By Nancy A. Hetrick, ADFA™, MAFF™, AWMA®

 

Betrayals of trust from your spouse are always emotionally devastating but when the infidelity has to do with money, the results can crush a lot more than your feelings.

 

One of my clients, we’ll call her Jane, had been married 28 years when her husband’s business closed due to changes in the industry that made his products extinct. She had been a home-maker while the children were young and was now working part-time as a senior personal assistant. Her husband, let’s call him Dick, had always handled their investments and really enjoyed playing in the stock markets and had experienced moderate success. So he decided he would become a full-time options trader to carry them to retirement. He took a course, bought a new computer with 3 monitors and spent at least 6 hours a day starting at charts and graphs.

 

Jane would ask daily how he did that day and his response was always the same, “not too bad”. He continued this for the next 10 years. During those 10 years, they continued taking trips to Europe twice a year, doing improvements on their million dollar home, and living the lifestyle they had always enjoyed.

 

However, gradually Dick became more and more distant and would share less and less information with Jane about the results of his trading. Their relationship deteriorated and she came to see me for a “just in case” analysis of her finances in the event they divorced. She squirreled away all the documents she could get her hands on from tax returns to brokerage statements and brought a stack about a foot tall to her first appointment.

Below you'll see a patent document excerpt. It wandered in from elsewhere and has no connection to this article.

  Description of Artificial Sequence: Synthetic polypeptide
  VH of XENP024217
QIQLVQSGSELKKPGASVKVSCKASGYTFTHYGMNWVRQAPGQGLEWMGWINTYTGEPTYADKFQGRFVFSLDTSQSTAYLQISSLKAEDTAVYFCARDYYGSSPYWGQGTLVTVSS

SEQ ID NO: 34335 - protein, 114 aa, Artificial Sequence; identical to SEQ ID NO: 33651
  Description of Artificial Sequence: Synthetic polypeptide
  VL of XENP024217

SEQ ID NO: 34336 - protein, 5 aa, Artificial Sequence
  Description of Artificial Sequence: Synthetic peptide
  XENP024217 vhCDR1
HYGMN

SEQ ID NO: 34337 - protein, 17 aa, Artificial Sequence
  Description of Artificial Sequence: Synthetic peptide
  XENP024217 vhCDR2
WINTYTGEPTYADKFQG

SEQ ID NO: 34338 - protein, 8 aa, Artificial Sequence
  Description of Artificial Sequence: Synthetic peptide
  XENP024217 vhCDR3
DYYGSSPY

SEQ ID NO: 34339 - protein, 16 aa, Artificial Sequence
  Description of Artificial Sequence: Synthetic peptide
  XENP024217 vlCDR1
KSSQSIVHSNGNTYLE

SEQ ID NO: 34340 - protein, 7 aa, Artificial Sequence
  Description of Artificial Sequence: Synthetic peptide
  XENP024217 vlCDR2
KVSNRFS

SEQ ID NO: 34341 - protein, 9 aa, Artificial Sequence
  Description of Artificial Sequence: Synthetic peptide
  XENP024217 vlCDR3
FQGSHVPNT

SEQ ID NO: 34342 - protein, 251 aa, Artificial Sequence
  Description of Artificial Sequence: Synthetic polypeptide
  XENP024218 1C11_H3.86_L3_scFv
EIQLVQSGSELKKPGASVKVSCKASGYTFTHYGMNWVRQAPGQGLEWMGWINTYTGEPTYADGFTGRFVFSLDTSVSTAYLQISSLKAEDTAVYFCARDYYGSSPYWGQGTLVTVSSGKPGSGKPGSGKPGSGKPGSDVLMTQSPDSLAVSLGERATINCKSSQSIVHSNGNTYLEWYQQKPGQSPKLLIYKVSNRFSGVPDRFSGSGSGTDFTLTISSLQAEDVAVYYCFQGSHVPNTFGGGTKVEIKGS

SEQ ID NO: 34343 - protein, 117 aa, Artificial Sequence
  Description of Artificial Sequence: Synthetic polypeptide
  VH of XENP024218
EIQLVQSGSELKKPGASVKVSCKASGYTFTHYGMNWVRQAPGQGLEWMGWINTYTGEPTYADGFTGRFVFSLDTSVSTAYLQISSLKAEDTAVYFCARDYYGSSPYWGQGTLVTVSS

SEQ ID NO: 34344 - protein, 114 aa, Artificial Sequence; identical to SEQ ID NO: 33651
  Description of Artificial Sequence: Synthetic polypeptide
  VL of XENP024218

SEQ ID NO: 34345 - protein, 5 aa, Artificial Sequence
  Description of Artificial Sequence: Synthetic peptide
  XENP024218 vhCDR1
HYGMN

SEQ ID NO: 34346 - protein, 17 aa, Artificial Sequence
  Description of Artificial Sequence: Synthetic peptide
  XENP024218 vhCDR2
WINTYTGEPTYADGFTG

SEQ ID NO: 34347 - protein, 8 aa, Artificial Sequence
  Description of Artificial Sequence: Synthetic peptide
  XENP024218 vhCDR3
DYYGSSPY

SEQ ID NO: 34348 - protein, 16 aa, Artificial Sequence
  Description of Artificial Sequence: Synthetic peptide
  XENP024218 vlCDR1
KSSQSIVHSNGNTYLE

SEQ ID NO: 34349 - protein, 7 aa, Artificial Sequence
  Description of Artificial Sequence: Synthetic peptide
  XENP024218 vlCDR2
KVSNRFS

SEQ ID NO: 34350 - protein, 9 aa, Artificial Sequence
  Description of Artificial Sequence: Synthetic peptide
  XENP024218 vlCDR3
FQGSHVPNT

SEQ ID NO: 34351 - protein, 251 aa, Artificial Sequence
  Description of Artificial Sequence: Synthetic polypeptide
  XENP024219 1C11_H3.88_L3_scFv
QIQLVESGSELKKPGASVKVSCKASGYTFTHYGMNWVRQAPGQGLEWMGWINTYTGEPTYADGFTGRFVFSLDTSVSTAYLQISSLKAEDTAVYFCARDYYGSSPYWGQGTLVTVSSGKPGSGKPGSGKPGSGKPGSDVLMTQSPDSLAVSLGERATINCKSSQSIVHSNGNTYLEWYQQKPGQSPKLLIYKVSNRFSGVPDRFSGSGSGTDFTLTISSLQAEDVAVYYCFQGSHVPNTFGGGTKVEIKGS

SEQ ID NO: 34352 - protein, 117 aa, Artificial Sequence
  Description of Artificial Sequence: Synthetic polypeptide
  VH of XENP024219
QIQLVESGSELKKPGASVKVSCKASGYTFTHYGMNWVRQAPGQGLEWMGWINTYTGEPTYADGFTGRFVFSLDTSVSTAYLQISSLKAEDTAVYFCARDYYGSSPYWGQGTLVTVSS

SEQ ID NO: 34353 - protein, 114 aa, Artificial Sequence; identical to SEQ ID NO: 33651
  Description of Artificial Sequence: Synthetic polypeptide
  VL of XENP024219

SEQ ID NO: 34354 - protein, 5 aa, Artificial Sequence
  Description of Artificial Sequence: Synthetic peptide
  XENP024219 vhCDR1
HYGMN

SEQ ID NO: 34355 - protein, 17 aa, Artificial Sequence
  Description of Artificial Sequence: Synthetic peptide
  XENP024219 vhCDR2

I spent some time reviewing everything and then had to break the bad news. Over the last 10 years, Dick had not made as much money as she had thought. In fact, he had made ZERO!!!! His total returns for the entire 10 year period were actually a slight loss. So what were they living on? How were they affording the trips to Europe? Dick had slowly been depleting their retirement savings to the tune of 1.5 million dollars. They were down to the last $150,000 in cash and their only other asset was the house.

 

Needless to say, Jane was devastated. The betrayal she felt over the extended dishonesty was perhaps even more difficult than if he had been having an affair. The trust was damaged so badly, that she immediately filed for divorce to protect herself from any further losses of his.

 

This is just one very sad example of Financial Infidelity at its worst. The most common scenario is the credit card that the other spouse knows nothing about that ends up being a $25,000 debt or the secret bank account that someone has been diverting money to without the knowledge of the other spouse. Regardless of the impact, size, or duration of the deception, this is marriage-destroying behavior.

 

Marriage is a partnership on all levels. The minute you set up an environment with secrets, you sow the seeds of mistrust and betrayal. Do yourselves a favor and INSIST on a monthly financial meeting where you and your spouse review ALL the family finances. Discuss your goals and look at your progress toward those goals and any changes in your spending habits that need to be made to reach them. When you work together toward a secure financial future, it will deepen your bond, build trust and cement your futures. Don’t let it happen to you.

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